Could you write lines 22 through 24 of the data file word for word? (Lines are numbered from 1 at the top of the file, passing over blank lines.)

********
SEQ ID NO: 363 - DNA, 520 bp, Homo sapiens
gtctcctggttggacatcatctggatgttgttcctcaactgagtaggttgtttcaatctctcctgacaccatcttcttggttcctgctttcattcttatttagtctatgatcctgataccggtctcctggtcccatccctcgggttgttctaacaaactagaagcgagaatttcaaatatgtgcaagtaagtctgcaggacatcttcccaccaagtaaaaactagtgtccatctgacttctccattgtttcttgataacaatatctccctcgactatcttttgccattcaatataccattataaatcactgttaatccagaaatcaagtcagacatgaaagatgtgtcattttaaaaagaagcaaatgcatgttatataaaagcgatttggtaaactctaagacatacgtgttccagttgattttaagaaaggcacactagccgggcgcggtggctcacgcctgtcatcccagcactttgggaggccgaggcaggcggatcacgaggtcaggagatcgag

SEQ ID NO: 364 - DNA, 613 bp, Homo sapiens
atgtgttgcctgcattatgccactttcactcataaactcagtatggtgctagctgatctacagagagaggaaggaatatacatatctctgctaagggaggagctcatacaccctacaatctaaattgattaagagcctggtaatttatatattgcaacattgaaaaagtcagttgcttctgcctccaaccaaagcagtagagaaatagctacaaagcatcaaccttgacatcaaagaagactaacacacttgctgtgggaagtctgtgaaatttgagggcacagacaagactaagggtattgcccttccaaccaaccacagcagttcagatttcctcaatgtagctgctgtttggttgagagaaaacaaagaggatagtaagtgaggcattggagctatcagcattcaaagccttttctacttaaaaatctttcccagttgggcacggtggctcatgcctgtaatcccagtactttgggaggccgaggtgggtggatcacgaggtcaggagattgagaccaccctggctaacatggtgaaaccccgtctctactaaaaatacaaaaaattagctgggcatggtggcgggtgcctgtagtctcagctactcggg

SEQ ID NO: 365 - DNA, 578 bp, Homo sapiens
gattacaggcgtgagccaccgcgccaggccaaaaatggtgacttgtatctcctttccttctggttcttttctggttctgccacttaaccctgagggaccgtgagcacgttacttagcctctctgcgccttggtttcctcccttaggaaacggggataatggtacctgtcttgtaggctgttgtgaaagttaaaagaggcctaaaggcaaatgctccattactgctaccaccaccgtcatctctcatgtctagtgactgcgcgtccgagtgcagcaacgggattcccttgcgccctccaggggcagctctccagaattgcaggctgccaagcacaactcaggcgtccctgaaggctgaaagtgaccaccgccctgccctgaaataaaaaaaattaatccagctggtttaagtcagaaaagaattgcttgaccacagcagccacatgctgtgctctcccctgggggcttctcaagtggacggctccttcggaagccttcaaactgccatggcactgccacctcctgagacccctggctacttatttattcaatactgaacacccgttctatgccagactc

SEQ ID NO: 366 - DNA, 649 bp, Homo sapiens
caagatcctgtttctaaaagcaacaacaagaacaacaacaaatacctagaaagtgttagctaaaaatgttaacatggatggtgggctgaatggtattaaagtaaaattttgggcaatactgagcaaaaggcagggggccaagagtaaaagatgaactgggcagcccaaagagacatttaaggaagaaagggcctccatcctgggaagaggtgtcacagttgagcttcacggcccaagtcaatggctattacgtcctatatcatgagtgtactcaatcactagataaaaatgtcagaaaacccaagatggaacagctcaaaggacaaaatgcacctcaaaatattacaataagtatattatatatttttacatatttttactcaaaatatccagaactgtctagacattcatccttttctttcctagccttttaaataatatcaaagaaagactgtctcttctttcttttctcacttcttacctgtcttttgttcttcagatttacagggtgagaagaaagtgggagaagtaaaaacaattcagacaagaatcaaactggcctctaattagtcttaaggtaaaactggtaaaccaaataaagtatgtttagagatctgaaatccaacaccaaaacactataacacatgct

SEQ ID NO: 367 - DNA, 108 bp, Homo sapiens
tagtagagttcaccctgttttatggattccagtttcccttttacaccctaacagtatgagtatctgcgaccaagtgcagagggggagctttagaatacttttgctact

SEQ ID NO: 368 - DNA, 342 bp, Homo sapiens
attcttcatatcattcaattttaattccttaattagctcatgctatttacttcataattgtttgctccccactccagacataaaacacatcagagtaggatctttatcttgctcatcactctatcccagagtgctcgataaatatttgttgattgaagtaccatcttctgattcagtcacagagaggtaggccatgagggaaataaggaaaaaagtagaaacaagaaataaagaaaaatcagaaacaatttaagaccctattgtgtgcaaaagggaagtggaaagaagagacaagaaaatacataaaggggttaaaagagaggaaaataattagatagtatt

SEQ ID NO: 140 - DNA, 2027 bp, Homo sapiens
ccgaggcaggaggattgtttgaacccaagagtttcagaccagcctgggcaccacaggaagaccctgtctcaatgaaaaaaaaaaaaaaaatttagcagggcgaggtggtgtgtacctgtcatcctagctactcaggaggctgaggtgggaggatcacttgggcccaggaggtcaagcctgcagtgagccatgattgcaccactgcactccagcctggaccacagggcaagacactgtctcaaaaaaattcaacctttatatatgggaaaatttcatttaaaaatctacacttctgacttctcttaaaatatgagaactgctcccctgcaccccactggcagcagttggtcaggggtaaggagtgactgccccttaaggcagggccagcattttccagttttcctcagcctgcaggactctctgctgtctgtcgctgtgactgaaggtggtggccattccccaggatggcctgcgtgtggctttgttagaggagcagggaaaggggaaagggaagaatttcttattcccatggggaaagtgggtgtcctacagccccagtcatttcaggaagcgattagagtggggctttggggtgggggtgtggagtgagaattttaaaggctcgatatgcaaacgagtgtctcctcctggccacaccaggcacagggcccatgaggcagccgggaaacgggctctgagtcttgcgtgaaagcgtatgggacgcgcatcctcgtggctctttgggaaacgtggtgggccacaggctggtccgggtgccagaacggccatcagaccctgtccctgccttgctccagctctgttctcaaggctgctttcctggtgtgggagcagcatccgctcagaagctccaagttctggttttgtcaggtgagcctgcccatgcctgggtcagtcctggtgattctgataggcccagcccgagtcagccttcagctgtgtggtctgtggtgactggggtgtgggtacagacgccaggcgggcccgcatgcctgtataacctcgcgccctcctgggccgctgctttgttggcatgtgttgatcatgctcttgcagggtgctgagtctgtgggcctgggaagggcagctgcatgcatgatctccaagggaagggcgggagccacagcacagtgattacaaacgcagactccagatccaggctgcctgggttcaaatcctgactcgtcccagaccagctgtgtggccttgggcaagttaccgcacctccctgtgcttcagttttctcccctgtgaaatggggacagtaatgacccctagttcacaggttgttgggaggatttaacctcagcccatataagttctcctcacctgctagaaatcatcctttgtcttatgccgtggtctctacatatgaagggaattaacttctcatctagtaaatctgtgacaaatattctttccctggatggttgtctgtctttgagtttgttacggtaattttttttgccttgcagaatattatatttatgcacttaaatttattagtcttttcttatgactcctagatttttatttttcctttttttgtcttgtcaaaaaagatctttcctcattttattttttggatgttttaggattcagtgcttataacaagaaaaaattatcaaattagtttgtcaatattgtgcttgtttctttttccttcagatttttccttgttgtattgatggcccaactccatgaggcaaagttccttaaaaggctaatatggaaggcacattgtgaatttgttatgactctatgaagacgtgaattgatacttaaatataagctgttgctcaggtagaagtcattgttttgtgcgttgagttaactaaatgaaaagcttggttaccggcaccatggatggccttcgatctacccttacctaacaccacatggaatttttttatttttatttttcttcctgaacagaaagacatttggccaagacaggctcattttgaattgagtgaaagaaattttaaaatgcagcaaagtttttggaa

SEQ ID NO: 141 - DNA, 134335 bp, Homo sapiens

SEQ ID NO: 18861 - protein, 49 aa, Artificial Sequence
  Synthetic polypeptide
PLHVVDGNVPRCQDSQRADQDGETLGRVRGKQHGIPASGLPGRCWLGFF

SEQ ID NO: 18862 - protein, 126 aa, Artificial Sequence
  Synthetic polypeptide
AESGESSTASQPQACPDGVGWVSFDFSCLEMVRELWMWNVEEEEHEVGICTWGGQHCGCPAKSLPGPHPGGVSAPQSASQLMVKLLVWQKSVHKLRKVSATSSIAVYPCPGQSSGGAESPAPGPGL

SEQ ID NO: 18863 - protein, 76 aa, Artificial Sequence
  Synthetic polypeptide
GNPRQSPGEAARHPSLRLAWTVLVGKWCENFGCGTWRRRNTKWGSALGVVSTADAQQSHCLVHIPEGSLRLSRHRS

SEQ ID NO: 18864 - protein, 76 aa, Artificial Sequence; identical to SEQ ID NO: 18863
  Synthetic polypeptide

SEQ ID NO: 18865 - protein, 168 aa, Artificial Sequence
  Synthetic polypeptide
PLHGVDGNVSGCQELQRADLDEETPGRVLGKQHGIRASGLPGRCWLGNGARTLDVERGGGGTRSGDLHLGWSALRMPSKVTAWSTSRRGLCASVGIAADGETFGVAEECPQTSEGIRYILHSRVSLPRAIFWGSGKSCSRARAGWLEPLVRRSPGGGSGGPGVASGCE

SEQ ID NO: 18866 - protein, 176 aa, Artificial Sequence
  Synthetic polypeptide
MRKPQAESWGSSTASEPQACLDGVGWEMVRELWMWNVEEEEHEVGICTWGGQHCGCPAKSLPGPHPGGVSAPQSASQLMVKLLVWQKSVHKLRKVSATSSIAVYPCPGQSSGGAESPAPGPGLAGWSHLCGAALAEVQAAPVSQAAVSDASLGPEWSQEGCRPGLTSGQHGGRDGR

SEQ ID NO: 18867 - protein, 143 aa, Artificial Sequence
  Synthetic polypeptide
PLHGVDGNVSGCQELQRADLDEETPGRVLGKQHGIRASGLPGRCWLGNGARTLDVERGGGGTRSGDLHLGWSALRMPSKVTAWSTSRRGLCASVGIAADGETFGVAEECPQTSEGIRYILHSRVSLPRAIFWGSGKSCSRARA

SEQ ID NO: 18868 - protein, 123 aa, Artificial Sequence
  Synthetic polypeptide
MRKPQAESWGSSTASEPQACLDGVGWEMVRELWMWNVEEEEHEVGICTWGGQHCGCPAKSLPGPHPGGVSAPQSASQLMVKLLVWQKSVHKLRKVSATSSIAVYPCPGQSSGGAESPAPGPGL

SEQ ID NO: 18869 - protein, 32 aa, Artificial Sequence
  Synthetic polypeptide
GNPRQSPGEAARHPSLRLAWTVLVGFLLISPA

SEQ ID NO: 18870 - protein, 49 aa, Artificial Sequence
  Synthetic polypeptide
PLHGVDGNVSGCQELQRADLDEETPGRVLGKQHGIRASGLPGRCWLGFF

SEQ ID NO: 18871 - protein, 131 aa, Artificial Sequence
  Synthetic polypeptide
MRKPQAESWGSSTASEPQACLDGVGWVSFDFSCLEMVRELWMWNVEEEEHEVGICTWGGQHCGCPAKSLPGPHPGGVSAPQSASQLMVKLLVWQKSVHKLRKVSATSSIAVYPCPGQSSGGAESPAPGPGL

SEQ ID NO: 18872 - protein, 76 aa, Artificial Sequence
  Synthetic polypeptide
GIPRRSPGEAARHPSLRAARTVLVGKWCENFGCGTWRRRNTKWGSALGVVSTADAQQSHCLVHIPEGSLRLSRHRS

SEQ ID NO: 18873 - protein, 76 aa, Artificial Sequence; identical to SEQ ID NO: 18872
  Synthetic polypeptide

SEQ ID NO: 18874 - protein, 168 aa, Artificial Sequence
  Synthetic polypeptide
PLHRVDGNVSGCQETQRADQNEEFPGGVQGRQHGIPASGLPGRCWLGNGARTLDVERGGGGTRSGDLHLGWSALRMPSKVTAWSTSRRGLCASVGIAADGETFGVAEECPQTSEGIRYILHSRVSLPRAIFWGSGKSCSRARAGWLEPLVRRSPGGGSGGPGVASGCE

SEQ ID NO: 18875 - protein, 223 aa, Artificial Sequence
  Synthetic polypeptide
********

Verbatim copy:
SEQ ID NO: 18863 - protein, 76 aa, Artificial Sequence
  Synthetic polypeptide
GNPRQSPGEAARHPSLRLAWTVLVGKWCENFGCGTWRRRNTKWGSALGVVSTADAQQSHCLVHIPEGSLRLSRHRS